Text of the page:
Stocks wobble in trading as caution lingers over the Trump trade policy

NEW YORK (AP) — Stocks are wobbling between small gains and losses in early trading on Wall Street Monday as investors remain cautious about the prospects of a full trade agreement between the U.S. and China.

Technology stocks were posting some solid gains even as the energy sector fell because of a decline in the price of crude oil. Safe-play sectors like utilities held up relatively well.

Bond markets and the U.S. government were closed for the Columbus Day holiday.

Washington and Beijing agreed to a truce following talks last week. The U.S. held off on tariffs set to kick in this week and China agreed to buy more farm goods. But the U.S. has yet to cancel plans for more tariffs in December and the nations still have several complicated issues to negotiate.

KEEPING SCORE: The S&P 500 index edged down 0.1% as of 10:16 a.m. Eastern time. The Dow Jones Industrial Average rose 20 points, or 0.1%, to 26,836. The Nasdaq fell 0.1%. Small-company stocks did worse than the rest of the market. The Russell 2000 index lost 0.7%.

OVERSEAS: European markets fell. The European Union faces a potential trade war with the U.S. as the Trump administration readies trade sanctions on up to $7.5 billion worth of goods. They are set to go into effect Friday and stem from a dispute over subsidies to the airplane maker Airbus.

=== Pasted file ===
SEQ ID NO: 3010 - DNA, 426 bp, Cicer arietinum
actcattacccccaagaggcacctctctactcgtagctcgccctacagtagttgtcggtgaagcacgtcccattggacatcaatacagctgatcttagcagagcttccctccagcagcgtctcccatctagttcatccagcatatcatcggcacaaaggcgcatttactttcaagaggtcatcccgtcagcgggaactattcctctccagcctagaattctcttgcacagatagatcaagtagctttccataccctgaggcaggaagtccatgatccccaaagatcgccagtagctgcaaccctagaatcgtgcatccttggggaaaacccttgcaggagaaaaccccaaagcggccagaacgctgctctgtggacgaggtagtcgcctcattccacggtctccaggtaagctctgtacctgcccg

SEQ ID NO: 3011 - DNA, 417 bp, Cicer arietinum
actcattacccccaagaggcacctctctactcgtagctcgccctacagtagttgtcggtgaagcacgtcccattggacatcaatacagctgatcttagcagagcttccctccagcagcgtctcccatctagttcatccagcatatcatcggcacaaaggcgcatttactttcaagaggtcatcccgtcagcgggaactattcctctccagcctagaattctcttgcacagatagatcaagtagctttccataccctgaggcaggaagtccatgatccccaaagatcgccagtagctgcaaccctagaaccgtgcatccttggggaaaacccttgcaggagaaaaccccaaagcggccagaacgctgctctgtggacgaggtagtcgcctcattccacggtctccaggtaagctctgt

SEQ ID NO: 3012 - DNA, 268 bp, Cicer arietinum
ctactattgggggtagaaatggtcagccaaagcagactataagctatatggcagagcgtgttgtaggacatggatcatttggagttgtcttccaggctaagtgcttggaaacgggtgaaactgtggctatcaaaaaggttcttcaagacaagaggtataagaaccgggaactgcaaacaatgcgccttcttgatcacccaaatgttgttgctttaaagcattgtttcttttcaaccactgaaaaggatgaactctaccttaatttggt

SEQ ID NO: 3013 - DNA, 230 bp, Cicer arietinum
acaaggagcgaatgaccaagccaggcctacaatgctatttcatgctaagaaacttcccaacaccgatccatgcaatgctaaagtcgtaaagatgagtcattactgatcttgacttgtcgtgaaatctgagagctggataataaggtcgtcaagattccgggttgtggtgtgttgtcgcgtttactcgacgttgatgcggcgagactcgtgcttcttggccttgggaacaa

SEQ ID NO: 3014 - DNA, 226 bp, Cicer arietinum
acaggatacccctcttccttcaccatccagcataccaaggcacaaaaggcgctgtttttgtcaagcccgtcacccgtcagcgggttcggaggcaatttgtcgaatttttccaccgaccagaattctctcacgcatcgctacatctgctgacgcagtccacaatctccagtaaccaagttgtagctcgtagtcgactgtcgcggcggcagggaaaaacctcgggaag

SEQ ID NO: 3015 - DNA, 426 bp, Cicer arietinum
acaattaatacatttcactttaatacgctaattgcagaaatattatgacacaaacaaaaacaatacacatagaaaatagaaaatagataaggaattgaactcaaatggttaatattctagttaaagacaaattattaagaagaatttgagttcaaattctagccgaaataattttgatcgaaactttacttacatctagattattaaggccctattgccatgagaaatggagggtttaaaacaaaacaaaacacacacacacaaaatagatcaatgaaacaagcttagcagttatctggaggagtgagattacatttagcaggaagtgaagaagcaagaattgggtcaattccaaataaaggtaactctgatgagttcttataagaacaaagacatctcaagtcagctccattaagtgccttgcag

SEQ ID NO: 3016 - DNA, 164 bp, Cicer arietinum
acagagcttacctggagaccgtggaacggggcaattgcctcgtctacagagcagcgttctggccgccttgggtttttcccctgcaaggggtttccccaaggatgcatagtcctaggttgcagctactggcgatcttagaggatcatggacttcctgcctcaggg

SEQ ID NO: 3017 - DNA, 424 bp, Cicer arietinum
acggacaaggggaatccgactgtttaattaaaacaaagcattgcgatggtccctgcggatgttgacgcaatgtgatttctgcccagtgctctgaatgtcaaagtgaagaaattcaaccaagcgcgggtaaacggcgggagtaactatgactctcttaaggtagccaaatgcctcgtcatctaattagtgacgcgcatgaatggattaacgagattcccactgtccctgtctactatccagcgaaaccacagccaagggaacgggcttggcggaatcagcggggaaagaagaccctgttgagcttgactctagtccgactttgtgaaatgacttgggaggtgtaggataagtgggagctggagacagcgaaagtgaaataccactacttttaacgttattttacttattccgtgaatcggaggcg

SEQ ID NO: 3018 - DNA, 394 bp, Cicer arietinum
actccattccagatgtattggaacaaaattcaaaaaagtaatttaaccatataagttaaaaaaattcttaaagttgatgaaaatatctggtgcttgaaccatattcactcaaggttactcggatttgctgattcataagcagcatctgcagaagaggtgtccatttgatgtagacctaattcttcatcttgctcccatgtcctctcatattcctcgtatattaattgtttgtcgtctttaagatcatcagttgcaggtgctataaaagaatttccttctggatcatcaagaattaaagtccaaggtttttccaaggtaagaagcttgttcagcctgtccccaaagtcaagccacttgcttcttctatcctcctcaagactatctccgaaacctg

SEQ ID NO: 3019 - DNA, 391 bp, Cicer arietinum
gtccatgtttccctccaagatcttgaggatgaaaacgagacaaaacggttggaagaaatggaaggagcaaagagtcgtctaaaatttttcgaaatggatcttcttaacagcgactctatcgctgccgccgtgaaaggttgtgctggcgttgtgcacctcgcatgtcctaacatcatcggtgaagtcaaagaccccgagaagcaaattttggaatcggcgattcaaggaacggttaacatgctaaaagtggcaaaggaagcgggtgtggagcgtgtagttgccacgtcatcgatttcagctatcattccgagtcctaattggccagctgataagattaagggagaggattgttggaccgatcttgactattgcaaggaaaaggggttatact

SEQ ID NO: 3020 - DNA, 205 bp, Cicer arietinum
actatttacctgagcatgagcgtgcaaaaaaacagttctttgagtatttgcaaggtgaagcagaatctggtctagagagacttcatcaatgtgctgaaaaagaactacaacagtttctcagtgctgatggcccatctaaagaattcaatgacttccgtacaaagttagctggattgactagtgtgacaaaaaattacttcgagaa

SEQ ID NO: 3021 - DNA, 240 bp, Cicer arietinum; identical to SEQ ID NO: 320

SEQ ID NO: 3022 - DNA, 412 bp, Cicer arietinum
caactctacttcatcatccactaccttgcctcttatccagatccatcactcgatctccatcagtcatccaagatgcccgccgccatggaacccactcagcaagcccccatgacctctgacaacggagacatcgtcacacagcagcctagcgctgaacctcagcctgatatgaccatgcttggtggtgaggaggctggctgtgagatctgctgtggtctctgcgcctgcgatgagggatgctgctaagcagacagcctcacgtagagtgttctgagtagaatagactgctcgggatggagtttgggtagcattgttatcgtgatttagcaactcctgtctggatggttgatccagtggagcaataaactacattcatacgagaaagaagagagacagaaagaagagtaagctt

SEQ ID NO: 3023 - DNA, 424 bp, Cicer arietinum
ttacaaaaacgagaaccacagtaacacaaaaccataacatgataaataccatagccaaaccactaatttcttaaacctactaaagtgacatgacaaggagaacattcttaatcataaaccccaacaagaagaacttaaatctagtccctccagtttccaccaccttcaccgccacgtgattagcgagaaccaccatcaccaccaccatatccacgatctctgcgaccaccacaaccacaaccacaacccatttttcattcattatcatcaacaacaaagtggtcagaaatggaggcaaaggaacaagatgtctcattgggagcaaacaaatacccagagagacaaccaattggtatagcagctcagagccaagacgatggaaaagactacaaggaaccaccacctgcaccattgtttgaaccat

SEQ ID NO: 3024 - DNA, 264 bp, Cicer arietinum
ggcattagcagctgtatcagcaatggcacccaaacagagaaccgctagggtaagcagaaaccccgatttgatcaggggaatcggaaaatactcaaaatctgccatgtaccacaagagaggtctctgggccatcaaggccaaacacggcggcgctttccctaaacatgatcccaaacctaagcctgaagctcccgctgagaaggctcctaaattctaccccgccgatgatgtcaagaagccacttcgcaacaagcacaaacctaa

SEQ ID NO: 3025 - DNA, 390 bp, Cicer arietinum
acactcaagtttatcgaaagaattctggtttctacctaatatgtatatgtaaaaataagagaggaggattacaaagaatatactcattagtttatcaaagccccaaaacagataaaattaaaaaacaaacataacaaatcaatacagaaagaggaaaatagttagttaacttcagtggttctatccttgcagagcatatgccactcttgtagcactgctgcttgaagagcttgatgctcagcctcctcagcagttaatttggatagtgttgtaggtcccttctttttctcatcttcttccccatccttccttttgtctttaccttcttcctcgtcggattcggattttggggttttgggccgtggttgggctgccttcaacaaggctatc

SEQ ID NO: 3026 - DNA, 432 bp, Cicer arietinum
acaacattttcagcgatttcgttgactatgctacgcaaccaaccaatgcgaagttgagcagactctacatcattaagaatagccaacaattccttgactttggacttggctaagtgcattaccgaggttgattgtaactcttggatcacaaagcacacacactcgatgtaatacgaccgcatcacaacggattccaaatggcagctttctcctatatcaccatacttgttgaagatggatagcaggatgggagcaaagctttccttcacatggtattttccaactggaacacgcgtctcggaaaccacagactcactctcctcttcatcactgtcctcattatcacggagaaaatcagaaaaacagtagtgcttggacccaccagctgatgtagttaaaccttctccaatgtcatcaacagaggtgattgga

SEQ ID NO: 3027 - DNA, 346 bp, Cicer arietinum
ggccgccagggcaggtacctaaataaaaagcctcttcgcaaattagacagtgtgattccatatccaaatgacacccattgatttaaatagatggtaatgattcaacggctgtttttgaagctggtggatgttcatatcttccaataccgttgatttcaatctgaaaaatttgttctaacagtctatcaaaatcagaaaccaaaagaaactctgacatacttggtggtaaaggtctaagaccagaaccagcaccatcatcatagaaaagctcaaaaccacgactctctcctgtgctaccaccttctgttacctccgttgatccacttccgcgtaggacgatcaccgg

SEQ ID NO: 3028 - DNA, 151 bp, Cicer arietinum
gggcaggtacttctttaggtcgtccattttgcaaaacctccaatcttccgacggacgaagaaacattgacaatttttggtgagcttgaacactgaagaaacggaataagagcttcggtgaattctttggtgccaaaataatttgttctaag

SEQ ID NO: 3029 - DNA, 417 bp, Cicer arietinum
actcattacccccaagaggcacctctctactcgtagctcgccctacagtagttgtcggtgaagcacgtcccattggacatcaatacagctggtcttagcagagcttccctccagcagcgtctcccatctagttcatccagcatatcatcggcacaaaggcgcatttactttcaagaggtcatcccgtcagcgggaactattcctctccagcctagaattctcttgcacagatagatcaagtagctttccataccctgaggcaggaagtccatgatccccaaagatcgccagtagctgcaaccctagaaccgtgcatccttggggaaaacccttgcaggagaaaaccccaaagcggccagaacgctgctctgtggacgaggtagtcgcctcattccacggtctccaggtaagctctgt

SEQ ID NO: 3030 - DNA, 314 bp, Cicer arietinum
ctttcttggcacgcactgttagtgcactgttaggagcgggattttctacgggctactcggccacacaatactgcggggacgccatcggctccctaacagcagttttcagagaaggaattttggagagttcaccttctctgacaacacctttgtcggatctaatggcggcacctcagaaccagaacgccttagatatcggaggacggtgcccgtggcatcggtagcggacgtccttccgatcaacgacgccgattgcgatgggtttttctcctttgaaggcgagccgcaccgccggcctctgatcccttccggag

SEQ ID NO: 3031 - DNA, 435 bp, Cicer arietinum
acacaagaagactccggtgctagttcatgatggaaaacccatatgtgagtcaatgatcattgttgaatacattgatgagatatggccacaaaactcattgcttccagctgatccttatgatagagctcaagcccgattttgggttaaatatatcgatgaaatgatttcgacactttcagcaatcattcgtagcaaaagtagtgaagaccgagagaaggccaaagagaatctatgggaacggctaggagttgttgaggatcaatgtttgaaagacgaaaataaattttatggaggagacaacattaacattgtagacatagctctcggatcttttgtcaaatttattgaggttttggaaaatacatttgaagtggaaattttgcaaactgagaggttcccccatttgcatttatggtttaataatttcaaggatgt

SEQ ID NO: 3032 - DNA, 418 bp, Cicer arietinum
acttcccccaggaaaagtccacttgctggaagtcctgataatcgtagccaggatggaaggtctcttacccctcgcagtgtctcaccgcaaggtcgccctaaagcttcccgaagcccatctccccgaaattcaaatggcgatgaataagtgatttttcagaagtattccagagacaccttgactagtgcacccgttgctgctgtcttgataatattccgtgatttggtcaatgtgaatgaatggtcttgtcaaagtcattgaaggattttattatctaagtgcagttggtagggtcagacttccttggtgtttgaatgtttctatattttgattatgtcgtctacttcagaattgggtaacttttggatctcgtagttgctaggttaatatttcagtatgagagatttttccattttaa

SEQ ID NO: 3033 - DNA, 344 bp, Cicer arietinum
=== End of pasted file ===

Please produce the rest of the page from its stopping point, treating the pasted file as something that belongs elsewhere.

Meanwhile, Britain is still heading toward its Oct. 31 exit from the European Union without a deal on trade.

TRADE UNCERTAINTY: Investors applauded the progress made by the U.S. and China last week, but uncertainty remains over whether they can ink a broader deal. The U.S. agreed to suspend a planned hike in tariffs on $250 billion of Chinese goods that had been set to kick in Tuesday. Beijing, meanwhile, agreed to buy $40 billion to $50 billion in U.S. farm products.

The truce was a result of the 13th round of negotiations between the nations since the trade war began well over a year ago. The key sticking point of intellectual property and trade secrets still hangs over the dispute.

The overall picture hasn’t changed for companies, which are still holding off on forecasts and investments because of the uncertain trade situation.

“There is not yet a viable path to existing tariffs declining and tariff escalation remains a meaningful risk,” Michael D. Zezas, a Morgan Stanley strategist, wrote in a note to clients. “Thus, we do not expect a meaningful rebound in corporate behavior that would drive global growth expectations higher.”

Trump and Chinese President Xi Jinping are due to attend an economic conference in Chile in mid-November. That is raising hopes a face-to-face meeting might produce progress.

SAPPED ENERGY: Energy companies fared worse than most of the market in the early going as crude oil prices slid 3%. Oilfield services company Halliburton fell 4.4%.